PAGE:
Bill White: From Feared to Revered

Growing up a Yankee fan I didn’t pay too much attention to the National League until September with the World Series approaching. The Yanks always seemed to be in it—1964 would be five in a row—so by September it was a good idea to check out who would be this year’s World Series foe. The 1964 pennant race for the Yankees was no picnic as they barely beat out the White Sox by one game. It was a similar down-to-the-wire fight for the Cardinals with their slugging lefty first basemen Bill White. White, who was a consistent .300, 20-homerun, 100-RBI-man for the Cardinals had an explosive second half in 1964 batting .338 with 72 RBI’s and always seemed to be in the middle of the Cardinals’ onslaught as they rallied to erase a 6½ game Philadelphia Phillies lead with twelve games to go. So, when St. Louis immerged as the National League pennant winners it was justifiable that us Yankee fans would be fearful of, not only the Cardinals’ dynamic first baseman, but their whole team. Ultimately Bill White had a disappointing World Series, but with the brilliant Bob Gibson leading the way, St. Louis won the 1964 World Series sending the once mighty Yankees into a decade’s long tailspin.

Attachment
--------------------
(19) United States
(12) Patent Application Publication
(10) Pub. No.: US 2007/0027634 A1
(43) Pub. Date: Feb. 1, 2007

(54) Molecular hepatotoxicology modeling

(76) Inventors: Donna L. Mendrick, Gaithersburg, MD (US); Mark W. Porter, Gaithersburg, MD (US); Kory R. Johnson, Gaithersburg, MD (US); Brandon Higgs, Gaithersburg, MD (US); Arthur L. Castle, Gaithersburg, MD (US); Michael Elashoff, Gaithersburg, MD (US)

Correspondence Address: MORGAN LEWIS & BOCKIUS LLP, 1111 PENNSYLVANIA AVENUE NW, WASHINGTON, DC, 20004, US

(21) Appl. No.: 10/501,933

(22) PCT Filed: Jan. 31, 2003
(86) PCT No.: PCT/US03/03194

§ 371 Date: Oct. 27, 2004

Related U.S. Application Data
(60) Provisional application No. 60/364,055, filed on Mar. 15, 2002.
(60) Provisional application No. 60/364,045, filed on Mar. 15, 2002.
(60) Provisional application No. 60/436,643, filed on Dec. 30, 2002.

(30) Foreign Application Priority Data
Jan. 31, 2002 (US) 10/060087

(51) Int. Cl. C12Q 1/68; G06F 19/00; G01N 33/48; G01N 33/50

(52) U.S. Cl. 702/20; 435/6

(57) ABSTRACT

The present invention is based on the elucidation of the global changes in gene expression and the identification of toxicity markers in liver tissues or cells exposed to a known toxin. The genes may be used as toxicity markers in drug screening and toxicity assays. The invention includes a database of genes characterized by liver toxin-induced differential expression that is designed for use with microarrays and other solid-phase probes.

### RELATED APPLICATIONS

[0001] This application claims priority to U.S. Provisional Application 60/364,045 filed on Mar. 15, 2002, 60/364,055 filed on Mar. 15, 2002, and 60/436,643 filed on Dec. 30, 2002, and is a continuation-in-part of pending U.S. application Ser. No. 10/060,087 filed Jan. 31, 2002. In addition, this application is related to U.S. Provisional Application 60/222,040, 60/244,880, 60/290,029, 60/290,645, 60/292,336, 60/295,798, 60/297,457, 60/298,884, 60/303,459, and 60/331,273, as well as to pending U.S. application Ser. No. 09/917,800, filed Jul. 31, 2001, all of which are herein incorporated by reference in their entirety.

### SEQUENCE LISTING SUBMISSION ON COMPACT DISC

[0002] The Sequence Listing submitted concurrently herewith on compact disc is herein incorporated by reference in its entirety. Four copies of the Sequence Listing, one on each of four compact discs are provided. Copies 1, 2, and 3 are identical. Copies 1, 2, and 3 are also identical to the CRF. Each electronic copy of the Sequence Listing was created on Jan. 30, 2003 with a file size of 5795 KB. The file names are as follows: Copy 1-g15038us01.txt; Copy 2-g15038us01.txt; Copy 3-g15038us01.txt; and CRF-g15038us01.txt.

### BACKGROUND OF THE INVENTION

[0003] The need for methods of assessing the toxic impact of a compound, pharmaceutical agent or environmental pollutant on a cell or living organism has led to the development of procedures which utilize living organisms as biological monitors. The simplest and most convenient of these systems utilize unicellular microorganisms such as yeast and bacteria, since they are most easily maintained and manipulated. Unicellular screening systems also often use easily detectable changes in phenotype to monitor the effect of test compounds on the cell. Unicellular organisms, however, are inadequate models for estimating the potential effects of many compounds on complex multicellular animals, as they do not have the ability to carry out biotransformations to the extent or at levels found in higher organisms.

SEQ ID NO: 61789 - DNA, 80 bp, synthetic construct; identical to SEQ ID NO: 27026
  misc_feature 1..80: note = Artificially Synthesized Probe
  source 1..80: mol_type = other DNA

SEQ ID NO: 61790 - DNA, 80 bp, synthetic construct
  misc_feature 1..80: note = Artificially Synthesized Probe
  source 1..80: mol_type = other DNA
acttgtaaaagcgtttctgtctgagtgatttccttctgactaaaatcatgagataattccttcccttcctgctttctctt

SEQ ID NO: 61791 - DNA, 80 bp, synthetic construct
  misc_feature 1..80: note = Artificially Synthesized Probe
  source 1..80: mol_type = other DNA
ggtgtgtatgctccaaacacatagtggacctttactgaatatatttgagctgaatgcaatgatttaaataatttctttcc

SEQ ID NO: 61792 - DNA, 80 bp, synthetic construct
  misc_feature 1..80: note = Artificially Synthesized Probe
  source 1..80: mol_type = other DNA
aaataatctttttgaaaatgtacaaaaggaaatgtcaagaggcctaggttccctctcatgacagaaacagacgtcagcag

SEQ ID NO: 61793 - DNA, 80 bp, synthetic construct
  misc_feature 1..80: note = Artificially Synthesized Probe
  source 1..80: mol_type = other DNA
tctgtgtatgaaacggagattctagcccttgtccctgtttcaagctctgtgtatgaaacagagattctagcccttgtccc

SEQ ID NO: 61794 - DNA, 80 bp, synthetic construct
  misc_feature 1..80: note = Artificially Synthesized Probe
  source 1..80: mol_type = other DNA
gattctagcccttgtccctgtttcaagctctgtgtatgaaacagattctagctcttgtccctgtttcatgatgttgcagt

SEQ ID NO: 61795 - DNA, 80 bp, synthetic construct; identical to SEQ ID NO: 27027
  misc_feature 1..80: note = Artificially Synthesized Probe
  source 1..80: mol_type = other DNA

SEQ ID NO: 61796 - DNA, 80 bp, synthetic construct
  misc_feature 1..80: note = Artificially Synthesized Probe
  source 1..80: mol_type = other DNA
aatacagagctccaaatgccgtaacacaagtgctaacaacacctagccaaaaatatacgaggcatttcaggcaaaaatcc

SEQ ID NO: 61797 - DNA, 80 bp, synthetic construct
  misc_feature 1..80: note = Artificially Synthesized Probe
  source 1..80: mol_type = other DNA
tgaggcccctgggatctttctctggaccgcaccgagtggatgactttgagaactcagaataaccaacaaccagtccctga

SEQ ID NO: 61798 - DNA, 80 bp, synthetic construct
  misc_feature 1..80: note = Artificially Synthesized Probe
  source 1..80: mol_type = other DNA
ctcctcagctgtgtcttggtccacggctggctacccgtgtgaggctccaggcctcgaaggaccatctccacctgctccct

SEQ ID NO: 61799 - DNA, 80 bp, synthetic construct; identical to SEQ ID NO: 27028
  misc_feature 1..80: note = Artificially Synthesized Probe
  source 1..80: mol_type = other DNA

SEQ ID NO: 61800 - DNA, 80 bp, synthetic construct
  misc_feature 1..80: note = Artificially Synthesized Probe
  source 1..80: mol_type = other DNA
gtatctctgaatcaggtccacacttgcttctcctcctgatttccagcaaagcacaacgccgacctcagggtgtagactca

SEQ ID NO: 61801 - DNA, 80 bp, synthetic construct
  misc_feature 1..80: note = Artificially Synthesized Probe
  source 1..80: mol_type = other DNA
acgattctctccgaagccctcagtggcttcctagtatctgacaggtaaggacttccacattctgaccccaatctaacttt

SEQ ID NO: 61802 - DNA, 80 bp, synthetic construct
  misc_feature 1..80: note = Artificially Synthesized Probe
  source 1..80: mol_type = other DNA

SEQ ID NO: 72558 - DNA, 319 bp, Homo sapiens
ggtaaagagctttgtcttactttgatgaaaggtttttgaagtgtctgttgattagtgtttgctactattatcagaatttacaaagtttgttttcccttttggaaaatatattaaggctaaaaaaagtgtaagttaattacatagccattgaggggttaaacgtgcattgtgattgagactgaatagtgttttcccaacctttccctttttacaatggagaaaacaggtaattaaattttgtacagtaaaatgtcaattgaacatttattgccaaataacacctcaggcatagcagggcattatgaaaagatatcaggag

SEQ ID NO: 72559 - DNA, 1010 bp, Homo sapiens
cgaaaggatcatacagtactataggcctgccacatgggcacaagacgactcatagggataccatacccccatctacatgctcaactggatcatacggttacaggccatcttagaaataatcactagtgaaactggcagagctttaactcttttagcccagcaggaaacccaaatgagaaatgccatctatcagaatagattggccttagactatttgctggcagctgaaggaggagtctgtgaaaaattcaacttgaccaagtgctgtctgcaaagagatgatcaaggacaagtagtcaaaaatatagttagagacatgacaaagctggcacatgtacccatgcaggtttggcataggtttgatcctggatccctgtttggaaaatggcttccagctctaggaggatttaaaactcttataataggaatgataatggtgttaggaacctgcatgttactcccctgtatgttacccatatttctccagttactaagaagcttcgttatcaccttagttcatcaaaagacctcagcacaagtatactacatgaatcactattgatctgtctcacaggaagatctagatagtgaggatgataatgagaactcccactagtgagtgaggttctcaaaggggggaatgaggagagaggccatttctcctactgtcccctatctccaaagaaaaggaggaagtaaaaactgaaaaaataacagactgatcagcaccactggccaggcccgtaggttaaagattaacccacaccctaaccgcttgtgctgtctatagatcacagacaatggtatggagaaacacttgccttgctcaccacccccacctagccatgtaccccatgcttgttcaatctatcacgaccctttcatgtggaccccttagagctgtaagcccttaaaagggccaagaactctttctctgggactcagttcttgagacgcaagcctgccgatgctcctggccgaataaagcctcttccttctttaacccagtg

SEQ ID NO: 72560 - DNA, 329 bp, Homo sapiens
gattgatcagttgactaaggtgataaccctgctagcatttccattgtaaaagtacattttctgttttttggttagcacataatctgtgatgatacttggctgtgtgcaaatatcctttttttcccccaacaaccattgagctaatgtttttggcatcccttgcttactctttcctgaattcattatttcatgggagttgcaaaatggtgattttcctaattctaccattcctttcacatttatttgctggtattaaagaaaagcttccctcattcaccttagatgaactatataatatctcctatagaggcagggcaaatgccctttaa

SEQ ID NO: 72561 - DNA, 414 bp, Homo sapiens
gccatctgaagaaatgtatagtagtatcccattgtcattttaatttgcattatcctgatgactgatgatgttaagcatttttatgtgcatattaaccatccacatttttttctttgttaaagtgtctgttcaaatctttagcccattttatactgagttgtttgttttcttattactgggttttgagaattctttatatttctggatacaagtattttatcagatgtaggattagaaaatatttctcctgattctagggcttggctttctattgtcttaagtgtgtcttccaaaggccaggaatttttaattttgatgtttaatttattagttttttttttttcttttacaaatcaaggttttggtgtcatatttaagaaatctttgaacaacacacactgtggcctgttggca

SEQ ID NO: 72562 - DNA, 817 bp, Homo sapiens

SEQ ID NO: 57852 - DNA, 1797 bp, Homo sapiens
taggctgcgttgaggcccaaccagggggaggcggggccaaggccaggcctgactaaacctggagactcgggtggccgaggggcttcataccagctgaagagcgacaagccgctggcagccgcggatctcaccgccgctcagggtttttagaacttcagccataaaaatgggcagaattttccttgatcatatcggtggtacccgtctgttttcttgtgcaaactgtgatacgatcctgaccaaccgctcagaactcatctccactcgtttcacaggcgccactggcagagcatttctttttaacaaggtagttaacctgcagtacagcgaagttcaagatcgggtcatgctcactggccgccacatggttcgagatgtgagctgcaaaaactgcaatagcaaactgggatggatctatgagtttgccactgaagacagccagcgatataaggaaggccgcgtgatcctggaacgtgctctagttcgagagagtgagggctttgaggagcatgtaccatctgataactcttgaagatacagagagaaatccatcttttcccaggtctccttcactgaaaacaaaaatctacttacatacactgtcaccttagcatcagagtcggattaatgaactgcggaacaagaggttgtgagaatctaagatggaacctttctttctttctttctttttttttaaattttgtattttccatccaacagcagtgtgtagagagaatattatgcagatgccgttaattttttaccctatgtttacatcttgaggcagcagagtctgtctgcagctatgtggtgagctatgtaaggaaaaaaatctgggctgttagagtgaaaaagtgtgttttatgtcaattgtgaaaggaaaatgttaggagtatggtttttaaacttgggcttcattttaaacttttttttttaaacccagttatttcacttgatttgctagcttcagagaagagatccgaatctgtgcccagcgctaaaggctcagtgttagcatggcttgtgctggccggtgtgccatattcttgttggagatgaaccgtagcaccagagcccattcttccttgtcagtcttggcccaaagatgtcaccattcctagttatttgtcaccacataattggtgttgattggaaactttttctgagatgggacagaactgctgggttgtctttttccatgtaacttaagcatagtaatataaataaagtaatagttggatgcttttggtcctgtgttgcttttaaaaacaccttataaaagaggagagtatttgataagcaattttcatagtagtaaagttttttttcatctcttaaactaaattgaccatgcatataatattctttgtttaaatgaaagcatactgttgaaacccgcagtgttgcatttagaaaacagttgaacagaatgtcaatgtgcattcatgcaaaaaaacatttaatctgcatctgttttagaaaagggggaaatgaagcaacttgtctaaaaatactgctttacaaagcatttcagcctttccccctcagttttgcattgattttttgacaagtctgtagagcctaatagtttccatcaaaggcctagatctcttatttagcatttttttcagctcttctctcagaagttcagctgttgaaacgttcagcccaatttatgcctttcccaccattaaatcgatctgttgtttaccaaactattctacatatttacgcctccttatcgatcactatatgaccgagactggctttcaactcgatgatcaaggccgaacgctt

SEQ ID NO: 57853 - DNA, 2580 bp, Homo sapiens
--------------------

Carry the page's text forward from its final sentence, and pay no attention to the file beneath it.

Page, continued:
Ironically, as much as Bill White was a part of the Yankee decline, he became a big part of the Yankee revival when he joined the New York broadcast booth in 1971. He, along with his partners Frank Messer and Phil Rizzuto, gave Yankee listeners hours of enjoyment leading up to four World Series appearances for the revitalized Bronx Bombers.

Check out the link below for more about Bill White from an excellent posting by Ralph Wimbish of an article by Jon Rimmer in SB Nation’s Pinstripe Alley. The link includes Bill’s famous call of the dramatic Bucky Dent home run in the 1978 playoff game in Fenway Park which still gives me goose bumps.

The above stats are from Baseball and the Baseball Almanac.

And check out my book Mickey Mantle’s Last Home Run.

Mickey Mantle’s Last Home Run: Falco, Steven A: 9781532052088: Books

Bill and Phil broadcasting

Leave a Reply

Fill in your details below or click an icon to log in: Logo

You are commenting using your account. Log Out /  Change )

Twitter picture

You are commenting using your Twitter account. Log Out /  Change )

Facebook photo

You are commenting using your Facebook account. Log Out /  Change )

Connecting to %s